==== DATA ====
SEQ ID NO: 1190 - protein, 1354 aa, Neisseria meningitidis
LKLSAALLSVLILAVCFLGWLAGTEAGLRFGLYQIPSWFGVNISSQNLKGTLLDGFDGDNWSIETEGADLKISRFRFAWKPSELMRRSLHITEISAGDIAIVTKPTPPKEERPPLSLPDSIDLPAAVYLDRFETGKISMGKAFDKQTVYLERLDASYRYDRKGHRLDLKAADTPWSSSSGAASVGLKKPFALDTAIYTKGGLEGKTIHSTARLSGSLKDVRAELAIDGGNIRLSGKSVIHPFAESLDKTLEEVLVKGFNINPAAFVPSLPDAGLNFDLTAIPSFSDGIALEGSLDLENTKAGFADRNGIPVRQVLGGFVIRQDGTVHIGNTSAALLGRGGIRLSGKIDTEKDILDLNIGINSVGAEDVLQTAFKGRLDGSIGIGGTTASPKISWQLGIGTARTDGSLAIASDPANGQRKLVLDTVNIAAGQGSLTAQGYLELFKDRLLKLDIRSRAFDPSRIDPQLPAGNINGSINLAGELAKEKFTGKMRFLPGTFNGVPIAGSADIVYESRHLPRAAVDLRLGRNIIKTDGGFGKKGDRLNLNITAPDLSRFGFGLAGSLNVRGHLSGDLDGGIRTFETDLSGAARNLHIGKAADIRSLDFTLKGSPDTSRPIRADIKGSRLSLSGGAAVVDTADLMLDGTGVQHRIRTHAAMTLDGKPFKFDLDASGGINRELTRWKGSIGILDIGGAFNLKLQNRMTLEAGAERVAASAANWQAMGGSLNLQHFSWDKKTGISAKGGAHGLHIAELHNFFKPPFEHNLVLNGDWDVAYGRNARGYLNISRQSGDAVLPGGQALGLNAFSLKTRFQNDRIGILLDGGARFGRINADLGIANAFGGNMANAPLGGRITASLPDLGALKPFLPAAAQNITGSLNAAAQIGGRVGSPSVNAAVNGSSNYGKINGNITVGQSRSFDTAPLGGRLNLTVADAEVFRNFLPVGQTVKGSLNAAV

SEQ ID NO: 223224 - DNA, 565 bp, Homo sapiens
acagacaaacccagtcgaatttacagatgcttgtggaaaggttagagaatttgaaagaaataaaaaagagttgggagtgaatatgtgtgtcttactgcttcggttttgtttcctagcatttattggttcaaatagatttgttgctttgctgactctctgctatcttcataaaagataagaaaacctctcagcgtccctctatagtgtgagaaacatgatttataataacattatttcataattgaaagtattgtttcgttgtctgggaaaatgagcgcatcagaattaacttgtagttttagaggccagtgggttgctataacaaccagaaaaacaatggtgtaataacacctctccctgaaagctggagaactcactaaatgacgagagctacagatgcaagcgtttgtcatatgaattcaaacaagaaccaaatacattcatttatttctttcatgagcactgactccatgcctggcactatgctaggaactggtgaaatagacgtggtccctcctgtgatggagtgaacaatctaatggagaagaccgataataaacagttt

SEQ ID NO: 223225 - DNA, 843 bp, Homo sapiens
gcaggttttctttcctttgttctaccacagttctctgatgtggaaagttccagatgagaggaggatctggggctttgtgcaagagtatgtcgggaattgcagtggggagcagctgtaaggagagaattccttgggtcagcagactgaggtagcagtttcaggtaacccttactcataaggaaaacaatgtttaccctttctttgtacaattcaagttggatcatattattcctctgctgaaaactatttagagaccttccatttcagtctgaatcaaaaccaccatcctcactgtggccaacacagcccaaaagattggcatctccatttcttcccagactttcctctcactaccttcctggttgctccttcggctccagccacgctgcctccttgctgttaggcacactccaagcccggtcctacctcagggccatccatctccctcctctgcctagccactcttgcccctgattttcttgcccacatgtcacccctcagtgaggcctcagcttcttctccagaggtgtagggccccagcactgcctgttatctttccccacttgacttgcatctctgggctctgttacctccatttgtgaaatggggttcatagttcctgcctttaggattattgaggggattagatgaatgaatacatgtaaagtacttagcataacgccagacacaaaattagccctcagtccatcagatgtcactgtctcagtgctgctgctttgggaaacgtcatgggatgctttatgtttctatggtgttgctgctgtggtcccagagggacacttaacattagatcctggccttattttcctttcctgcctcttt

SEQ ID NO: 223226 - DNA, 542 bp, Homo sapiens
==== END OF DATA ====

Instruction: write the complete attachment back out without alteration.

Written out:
SEQ ID NO: 1190 - protein, 1354 aa, Neisseria meningitidis
LKLSAALLSVLILAVCFLGWLAGTEAGLRFGLYQIPSWFGVNISSQNLKGTLLDGFDGDNWSIETEGADLKISRFRFAWKPSELMRRSLHITEISAGDIAIVTKPTPPKEERPPLSLPDSIDLPAAVYLDRFETGKISMGKAFDKQTVYLERLDASYRYDRKGHRLDLKAADTPWSSSSGAASVGLKKPFALDTAIYTKGGLEGKTIHSTARLSGSLKDVRAELAIDGGNIRLSGKSVIHPFAESLDKTLEEVLVKGFNINPAAFVPSLPDAGLNFDLTAIPSFSDGIALEGSLDLENTKAGFADRNGIPVRQVLGGFVIRQDGTVHIGNTSAALLGRGGIRLSGKIDTEKDILDLNIGINSVGAEDVLQTAFKGRLDGSIGIGGTTASPKISWQLGIGTARTDGSLAIASDPANGQRKLVLDTVNIAAGQGSLTAQGYLELFKDRLLKLDIRSRAFDPSRIDPQLPAGNINGSINLAGELAKEKFTGKMRFLPGTFNGVPIAGSADIVYESRHLPRAAVDLRLGRNIIKTDGGFGKKGDRLNLNITAPDLSRFGFGLAGSLNVRGHLSGDLDGGIRTFETDLSGAARNLHIGKAADIRSLDFTLKGSPDTSRPIRADIKGSRLSLSGGAAVVDTADLMLDGTGVQHRIRTHAAMTLDGKPFKFDLDASGGINRELTRWKGSIGILDIGGAFNLKLQNRMTLEAGAERVAASAANWQAMGGSLNLQHFSWDKKTGISAKGGAHGLHIAELHNFFKPPFEHNLVLNGDWDVAYGRNARGYLNISRQSGDAVLPGGQALGLNAFSLKTRFQNDRIGILLDGGARFGRINADLGIANAFGGNMANAPLGGRITASLPDLGALKPFLPAAAQNITGSLNAAAQIGGRVGSPSVNAAVNGSSNYGKINGNITVGQSRSFDTAPLGGRLNLTVADAEVFRNFLPVGQTVKGSLNAAV

SEQ ID NO: 223224 - DNA, 565 bp, Homo sapiens
acagacaaacccagtcgaatttacagatgcttgtggaaaggttagagaatttgaaagaaataaaaaagagttgggagtgaatatgtgtgtcttactgcttcggttttgtttcctagcatttattggttcaaatagatttgttgctttgctgactctctgctatcttcataaaagataagaaaacctctcagcgtccctctatagtgtgagaaacatgatttataataacattatttcataattgaaagtattgtttcgttgtctgggaaaatgagcgcatcagaattaacttgtagttttagaggccagtgggttgctataacaaccagaaaaacaatggtgtaataacacctctccctgaaagctggagaactcactaaatgacgagagctacagatgcaagcgtttgtcatatgaattcaaacaagaaccaaatacattcatttatttctttcatgagcactgactccatgcctggcactatgctaggaactggtgaaatagacgtggtccctcctgtgatggagtgaacaatctaatggagaagaccgataataaacagttt

SEQ ID NO: 223225 - DNA, 843 bp, Homo sapiens
gcaggttttctttcctttgttctaccacagttctctgatgtggaaagttccagatgagaggaggatctggggctttgtgcaagagtatgtcgggaattgcagtggggagcagctgtaaggagagaattccttgggtcagcagactgaggtagcagtttcaggtaacccttactcataaggaaaacaatgtttaccctttctttgtacaattcaagttggatcatattattcctctgctgaaaactatttagagaccttccatttcagtctgaatcaaaaccaccatcctcactgtggccaacacagcccaaaagattggcatctccatttcttcccagactttcctctcactaccttcctggttgctccttcggctccagccacgctgcctccttgctgttaggcacactccaagcccggtcctacctcagggccatccatctccctcctctgcctagccactcttgcccctgattttcttgcccacatgtcacccctcagtgaggcctcagcttcttctccagaggtgtagggccccagcactgcctgttatctttccccacttgacttgcatctctgggctctgttacctccatttgtgaaatggggttcatagttcctgcctttaggattattgaggggattagatgaatgaatacatgtaaagtacttagcataacgccagacacaaaattagccctcagtccatcagatgtcactgtctcagtgctgctgctttgggaaacgtcatgggatgctttatgtttctatggtgttgctgctgtggtcccagagggacacttaacattagatcctggccttattttcctttcctgcctcttt

SEQ ID NO: 223226 - DNA, 542 bp, Homo sapiens